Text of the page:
Muscle imbalance results from poor posture while sitting at a computer and is one of the most common reasons why people suffer from back pain. The combination of abnormal positioning of the body, results in excessive pressure on the spin and this results in pain felt in the back. Over time, the abnormal positions a person endures can lead to an over stretching of the muscles and ligaments and further contributes to the pain felt. Exercising can help ease the pain felt and different exercises can target the pain felt in different areas of the back.
Best exercises for pain in lower back
Activities like walking, swimming and yoga are great ways to help ease the pain in the lower back.
A bottom to heels stretch, knee rolls and back extensions are all ways to reduce pain suffered in that area. Avoid sit ups and leg lifts as this may worsen the pain.
Best exercises for pain in upper back
Seated row with resistance bands are great to help with pain in the upper back.
This exercise strengthens all of the major muscles of the back.
A pectoralis stretch, thoracic extension and letting your arm slide on the wall are other ways to help stretch the back and help ease the pain felt in the upper region.
Best exercise for pain in the middle of the back
Stretching exercises such as the seated twist, child’s pose, cobra pose and the bridge are great ways to help ease the pain felt in the middle of the back.
Low-impact activities and core-strengthening exercises will help ease the pain felt in the middle of the back.
Best exercise for shoulder pain
Shoulder joints are one of the most complex joints in the human body.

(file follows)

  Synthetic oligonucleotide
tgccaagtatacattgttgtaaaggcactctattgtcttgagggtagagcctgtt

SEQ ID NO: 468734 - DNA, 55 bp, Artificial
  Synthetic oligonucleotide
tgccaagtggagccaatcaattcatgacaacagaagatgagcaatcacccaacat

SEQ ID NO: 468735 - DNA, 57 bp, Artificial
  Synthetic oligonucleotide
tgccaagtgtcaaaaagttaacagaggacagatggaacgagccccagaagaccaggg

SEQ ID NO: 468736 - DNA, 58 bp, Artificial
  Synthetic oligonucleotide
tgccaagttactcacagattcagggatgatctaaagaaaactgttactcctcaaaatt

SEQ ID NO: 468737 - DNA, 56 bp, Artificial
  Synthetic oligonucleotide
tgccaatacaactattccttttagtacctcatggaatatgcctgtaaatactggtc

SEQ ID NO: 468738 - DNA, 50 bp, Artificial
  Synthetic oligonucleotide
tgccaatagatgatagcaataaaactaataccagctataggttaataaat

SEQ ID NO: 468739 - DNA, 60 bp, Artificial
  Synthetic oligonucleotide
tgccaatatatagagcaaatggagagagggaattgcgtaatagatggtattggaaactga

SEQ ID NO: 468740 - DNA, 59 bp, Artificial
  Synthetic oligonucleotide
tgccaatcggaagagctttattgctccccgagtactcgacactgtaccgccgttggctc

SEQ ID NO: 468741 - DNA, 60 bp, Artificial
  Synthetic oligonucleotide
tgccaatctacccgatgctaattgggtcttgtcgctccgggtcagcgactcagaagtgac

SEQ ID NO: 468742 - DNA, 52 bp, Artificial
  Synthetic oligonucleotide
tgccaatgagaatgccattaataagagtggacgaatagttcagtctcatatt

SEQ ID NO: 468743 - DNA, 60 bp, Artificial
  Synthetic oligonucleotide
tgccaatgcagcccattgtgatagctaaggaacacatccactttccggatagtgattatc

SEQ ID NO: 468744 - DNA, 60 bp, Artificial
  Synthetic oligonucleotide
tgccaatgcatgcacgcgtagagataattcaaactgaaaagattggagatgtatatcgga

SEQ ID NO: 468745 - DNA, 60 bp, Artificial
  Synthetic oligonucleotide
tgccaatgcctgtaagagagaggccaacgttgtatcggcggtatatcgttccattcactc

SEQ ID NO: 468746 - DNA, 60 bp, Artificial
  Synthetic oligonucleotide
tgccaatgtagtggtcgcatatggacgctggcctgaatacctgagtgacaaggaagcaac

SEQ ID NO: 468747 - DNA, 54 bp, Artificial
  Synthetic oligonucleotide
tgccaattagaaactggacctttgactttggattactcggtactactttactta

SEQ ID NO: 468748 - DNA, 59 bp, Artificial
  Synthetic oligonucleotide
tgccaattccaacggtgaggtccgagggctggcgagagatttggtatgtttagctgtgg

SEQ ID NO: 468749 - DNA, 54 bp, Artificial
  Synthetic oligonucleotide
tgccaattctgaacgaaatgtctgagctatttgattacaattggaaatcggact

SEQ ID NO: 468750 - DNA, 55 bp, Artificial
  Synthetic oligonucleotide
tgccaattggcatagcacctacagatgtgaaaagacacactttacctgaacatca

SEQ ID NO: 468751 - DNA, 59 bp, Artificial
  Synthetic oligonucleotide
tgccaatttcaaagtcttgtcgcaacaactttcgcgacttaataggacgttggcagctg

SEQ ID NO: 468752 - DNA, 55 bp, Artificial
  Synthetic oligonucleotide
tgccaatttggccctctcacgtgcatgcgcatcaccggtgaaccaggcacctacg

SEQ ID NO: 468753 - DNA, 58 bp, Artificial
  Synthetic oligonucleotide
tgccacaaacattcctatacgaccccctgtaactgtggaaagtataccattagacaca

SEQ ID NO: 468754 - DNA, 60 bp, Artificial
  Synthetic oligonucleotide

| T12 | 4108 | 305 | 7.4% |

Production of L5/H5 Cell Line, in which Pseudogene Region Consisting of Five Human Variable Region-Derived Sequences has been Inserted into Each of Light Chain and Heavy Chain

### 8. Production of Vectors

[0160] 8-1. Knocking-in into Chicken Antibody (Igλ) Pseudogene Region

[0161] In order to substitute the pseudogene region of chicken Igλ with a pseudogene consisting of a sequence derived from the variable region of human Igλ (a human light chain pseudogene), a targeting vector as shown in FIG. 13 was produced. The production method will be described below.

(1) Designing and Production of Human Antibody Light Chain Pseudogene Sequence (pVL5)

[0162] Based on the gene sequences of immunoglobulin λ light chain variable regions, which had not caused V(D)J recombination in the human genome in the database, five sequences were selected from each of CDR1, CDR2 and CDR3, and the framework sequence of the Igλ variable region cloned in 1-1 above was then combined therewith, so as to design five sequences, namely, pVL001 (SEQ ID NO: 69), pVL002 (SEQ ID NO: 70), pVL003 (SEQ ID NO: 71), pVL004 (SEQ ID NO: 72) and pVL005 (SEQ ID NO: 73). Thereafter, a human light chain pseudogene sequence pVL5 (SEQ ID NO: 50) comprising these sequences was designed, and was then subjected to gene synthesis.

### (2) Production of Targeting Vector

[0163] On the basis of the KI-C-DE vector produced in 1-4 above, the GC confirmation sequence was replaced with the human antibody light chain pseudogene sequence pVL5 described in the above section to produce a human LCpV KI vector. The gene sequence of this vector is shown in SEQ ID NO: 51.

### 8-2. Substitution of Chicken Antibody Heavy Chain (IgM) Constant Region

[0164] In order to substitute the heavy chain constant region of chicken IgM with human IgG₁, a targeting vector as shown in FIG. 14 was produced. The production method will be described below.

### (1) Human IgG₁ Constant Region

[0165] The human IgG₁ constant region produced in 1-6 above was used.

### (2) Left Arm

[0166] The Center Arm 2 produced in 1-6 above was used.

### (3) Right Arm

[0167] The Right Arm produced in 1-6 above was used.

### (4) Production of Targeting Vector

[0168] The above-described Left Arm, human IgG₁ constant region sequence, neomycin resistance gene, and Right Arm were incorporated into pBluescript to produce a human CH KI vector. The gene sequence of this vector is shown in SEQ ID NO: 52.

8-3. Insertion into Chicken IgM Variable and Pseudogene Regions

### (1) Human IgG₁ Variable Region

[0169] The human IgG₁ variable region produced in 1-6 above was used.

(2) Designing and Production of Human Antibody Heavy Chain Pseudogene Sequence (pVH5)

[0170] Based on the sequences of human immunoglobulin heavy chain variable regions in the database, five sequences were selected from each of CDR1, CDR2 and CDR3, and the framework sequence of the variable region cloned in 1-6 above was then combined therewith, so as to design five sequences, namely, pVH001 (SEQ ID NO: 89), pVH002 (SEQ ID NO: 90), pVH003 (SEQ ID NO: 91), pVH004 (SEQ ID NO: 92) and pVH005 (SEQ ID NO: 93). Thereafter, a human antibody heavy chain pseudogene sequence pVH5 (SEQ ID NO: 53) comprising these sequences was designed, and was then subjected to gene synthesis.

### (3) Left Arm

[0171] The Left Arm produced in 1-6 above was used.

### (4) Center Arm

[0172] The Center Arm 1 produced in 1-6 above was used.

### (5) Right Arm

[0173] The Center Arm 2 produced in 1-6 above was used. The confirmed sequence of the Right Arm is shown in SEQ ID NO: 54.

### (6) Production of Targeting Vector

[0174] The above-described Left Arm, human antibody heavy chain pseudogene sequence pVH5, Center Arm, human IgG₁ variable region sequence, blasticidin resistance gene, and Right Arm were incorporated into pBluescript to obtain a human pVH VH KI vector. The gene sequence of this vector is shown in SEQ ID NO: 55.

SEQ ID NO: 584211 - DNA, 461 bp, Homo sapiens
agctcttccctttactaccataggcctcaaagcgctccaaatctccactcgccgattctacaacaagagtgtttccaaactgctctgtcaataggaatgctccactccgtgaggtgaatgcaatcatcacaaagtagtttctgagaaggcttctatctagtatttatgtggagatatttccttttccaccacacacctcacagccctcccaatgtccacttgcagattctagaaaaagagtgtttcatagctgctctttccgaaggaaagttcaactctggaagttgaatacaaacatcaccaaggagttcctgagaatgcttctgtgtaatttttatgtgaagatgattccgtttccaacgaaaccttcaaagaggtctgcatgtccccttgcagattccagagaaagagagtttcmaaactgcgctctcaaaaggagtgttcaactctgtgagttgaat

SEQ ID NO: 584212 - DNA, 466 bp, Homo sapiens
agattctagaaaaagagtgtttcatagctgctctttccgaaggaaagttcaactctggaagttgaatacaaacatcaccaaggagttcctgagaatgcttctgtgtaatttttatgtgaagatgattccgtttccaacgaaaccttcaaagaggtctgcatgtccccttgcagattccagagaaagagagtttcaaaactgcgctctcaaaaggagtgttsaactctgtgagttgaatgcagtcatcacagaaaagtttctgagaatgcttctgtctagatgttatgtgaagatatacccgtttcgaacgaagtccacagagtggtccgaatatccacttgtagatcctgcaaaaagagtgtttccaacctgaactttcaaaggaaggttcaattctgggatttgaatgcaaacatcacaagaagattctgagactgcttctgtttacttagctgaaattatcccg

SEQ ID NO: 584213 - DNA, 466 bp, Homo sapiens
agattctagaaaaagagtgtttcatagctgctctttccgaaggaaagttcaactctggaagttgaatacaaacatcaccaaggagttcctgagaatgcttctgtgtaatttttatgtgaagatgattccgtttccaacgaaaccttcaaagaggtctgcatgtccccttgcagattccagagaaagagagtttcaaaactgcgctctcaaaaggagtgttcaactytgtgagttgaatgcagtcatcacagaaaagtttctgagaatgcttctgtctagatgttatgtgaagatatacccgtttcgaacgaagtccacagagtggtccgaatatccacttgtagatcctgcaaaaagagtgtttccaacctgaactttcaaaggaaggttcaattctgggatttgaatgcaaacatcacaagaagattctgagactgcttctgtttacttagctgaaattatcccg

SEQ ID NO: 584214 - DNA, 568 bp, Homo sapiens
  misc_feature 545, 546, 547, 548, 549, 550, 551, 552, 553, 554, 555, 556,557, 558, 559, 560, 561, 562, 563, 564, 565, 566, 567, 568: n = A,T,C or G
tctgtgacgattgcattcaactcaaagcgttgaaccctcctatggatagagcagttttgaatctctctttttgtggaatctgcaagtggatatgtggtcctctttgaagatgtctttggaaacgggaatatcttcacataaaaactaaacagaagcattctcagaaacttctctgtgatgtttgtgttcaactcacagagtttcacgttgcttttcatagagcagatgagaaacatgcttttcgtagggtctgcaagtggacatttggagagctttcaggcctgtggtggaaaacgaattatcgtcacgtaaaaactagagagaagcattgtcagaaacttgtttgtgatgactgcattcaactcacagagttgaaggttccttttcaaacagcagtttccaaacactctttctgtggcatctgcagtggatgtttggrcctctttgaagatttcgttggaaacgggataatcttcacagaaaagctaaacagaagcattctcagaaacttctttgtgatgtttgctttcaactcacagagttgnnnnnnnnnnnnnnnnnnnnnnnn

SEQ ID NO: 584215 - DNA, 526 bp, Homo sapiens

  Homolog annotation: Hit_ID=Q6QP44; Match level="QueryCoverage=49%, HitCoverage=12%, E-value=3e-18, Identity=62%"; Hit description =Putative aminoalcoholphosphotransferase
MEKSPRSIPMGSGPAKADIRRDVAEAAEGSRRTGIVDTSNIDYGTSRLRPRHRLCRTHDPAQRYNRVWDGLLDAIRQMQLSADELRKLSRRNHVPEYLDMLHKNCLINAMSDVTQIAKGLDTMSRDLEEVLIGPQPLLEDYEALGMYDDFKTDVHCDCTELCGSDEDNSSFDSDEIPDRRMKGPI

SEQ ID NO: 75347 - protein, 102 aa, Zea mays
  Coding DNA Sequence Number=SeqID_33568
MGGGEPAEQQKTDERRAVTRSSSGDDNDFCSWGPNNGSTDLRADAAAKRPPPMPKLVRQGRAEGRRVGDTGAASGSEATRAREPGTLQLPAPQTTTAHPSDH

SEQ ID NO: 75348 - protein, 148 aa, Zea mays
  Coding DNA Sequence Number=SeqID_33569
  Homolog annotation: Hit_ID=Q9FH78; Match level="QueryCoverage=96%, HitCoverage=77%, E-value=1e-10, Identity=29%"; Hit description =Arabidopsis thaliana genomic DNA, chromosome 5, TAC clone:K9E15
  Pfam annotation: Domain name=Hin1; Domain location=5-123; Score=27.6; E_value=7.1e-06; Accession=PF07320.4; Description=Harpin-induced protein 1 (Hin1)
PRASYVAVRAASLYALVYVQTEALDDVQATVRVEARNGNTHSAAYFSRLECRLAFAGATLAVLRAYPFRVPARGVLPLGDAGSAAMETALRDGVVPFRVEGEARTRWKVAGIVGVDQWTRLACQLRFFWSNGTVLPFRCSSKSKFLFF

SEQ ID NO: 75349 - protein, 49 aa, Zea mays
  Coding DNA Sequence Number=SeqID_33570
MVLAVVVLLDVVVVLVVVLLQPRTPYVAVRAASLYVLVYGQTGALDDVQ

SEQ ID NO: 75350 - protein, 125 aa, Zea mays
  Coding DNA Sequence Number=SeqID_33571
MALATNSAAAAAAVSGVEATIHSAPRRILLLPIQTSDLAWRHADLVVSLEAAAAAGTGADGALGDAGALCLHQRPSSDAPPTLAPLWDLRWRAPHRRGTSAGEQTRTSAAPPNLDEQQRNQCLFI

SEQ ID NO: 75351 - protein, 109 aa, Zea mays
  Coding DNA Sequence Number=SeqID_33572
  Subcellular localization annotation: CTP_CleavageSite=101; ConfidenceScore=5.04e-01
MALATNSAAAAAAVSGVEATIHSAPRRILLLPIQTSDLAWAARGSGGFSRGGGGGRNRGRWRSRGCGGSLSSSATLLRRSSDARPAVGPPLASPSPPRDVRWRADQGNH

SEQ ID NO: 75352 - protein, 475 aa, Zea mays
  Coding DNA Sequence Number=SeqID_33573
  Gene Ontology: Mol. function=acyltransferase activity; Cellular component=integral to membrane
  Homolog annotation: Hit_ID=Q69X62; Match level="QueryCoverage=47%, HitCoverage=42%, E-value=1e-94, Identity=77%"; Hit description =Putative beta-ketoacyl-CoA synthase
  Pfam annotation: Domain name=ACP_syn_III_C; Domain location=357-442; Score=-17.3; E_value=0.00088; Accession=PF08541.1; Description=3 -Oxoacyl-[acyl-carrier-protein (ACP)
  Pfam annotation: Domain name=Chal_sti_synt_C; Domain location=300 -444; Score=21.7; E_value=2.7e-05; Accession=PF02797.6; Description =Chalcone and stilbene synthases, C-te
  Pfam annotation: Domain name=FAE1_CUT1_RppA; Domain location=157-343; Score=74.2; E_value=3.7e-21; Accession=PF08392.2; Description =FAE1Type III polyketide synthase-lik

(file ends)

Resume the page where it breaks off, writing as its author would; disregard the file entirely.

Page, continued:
Arm across chest stretches, neck releases, chest expansions and the seated twist will help reduce pain felt in this region.
The natural response to pain is to do less, but the opposite holds true with back pain symptoms. That’s because exercise helps muscles relax and increases blood flow to the area
Doctor Ted Dreisinger from the McKenzie Institute International
Doctor Ted Dreisinger from the McKenzie Institute International said: “Most back pain is mechanical, meaning day-to-day life stresses lead to overload.
“A small number of cases, less than 1 per cent, are caused by something more serious, such as a fracture, spinal tumour or systemic disease and these require medical attention.
“The natural response to pain is to do less, but the opposite holds true with back pain symptoms. That’s because exercise helps muscles relax and increases blood flow to the area.”
You should speak with your GP if the pain is constant, wakes you up at night or includes leg pain or follows an injury.
Speak with your GP before doing any strenuous exercise that might make the pain in the back worse.
Source: Read Full Article